Social democracy is a political ideology that has similar values to socialism, but within a capitalist framework and economy. The ideology is named from democracy where people have a say in government actions and it supports a competitive capitalist economy while also helping people in need by providing healthcare, education and social welfare. This makes it easier for people to support themselves in society by having more protection if they are unemployed or fall into poverty. It has been influenced by socialism, which places an emphasis on equal rights for everyone, and there is plenty of government ownership or regulation of various industries to protect the public interest. The ideology's movement has seen some interest in other countries whose economic systems do not work this way, because it has worked well for those who have it.
Despite a common belief, social democracy is very different from socialism. Social democracy’s policies keep capitalism in place and it is supportive of Keynesian economics, where the government should step in and help people in need or without jobs. Social democracy strives to achieve a balance between capitalism and socialism or a balance between the public sector and private sector in the economy.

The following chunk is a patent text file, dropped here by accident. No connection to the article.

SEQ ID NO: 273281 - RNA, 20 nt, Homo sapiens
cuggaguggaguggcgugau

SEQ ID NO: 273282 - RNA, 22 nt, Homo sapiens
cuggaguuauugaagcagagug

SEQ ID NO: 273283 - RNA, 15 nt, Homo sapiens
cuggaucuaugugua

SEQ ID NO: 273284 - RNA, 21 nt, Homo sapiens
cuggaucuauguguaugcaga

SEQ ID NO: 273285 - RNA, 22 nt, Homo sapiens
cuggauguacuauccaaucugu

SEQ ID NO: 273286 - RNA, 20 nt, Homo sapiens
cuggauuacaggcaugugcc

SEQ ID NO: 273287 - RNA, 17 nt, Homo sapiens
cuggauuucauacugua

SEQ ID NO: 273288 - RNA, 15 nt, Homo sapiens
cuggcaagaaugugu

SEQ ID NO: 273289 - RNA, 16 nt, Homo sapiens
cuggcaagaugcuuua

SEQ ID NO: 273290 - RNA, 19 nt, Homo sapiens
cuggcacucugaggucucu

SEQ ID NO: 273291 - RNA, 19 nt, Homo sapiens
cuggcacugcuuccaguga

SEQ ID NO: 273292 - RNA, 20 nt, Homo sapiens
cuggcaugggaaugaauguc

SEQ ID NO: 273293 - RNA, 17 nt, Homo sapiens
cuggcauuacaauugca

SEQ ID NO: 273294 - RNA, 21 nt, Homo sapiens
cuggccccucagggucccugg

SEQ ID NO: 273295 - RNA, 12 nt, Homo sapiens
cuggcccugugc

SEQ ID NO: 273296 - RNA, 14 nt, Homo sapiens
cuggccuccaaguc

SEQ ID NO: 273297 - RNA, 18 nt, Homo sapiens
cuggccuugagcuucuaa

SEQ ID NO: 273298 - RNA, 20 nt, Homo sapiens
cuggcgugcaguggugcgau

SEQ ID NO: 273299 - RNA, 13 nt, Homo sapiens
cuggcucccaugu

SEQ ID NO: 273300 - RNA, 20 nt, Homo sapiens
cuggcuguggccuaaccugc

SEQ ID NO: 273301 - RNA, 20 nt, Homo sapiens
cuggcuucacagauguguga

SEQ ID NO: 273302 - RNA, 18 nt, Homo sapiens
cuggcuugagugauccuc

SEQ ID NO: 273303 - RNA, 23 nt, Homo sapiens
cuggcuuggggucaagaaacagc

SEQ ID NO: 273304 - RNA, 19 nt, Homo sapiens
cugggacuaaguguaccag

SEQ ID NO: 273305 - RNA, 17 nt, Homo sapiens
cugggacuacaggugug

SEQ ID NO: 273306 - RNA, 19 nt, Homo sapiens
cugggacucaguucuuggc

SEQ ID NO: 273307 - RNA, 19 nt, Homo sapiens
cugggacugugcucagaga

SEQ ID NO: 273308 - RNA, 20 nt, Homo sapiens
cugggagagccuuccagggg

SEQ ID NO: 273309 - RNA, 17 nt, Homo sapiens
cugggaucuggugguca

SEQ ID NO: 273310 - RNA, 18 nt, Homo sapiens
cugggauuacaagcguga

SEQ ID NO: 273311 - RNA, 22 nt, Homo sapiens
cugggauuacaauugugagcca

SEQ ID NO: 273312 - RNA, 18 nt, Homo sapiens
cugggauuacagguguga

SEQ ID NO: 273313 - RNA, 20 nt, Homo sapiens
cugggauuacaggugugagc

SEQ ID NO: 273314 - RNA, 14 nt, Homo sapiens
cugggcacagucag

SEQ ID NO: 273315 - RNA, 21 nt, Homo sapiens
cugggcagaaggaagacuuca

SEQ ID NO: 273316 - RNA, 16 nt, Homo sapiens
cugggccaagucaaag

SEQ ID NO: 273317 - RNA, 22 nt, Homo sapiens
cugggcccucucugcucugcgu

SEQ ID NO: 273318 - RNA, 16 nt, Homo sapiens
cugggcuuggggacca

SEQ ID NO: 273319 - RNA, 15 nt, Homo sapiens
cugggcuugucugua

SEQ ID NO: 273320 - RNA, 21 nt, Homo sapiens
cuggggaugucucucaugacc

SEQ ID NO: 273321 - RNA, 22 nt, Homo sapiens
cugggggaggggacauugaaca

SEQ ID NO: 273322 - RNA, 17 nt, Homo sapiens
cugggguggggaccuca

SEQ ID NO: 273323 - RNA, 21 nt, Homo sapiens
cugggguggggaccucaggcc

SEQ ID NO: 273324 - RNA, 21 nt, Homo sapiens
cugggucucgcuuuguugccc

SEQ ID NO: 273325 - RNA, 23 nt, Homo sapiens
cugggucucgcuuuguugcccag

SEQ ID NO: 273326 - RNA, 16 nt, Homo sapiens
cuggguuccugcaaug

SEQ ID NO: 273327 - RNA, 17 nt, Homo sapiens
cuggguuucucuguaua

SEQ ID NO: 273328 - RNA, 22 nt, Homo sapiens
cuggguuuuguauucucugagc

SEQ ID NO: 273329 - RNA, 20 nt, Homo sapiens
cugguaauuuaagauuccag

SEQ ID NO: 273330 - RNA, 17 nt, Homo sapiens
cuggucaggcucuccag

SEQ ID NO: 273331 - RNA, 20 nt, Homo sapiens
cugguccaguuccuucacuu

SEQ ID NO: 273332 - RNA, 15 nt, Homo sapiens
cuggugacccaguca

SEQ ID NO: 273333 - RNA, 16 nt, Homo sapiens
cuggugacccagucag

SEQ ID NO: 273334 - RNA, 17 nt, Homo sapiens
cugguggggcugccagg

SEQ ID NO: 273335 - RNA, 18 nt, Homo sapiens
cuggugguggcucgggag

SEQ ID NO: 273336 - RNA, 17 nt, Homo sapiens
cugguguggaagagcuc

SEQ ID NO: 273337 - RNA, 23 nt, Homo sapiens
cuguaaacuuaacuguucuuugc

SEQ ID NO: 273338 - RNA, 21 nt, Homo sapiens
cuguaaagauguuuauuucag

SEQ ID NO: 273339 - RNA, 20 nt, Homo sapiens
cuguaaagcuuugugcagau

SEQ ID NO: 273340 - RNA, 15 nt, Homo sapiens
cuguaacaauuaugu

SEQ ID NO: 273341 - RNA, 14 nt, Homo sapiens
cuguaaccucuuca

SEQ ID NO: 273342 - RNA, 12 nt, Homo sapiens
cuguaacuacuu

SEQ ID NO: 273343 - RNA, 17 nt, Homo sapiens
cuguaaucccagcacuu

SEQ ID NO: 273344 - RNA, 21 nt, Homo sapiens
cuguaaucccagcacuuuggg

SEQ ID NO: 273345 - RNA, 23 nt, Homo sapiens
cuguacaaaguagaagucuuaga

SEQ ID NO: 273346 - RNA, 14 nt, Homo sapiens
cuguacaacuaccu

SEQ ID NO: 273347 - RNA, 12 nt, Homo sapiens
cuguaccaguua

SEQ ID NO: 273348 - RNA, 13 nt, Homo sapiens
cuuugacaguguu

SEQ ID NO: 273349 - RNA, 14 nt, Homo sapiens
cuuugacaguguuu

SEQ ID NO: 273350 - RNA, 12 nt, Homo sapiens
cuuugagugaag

Practice versus theory change
Some would argue that neither were capitalist systems empty of help for the poor and the needy. An example is England, where relief for the poor was available in every parish in the land, long before there were any government social services. The practice was known as charity. Also, Britain saw the growth of an important middle class after industrialisation took hold. So it is not completely right to think of such societies as simply composed of owners and workers, or rich and poor.
Social democrats are divided in how they see their theory and it has been a subject of much debate around the world. Terms like "market socialism" and "the third way" are efforts to rethink what social democracy means today.
Related pages change
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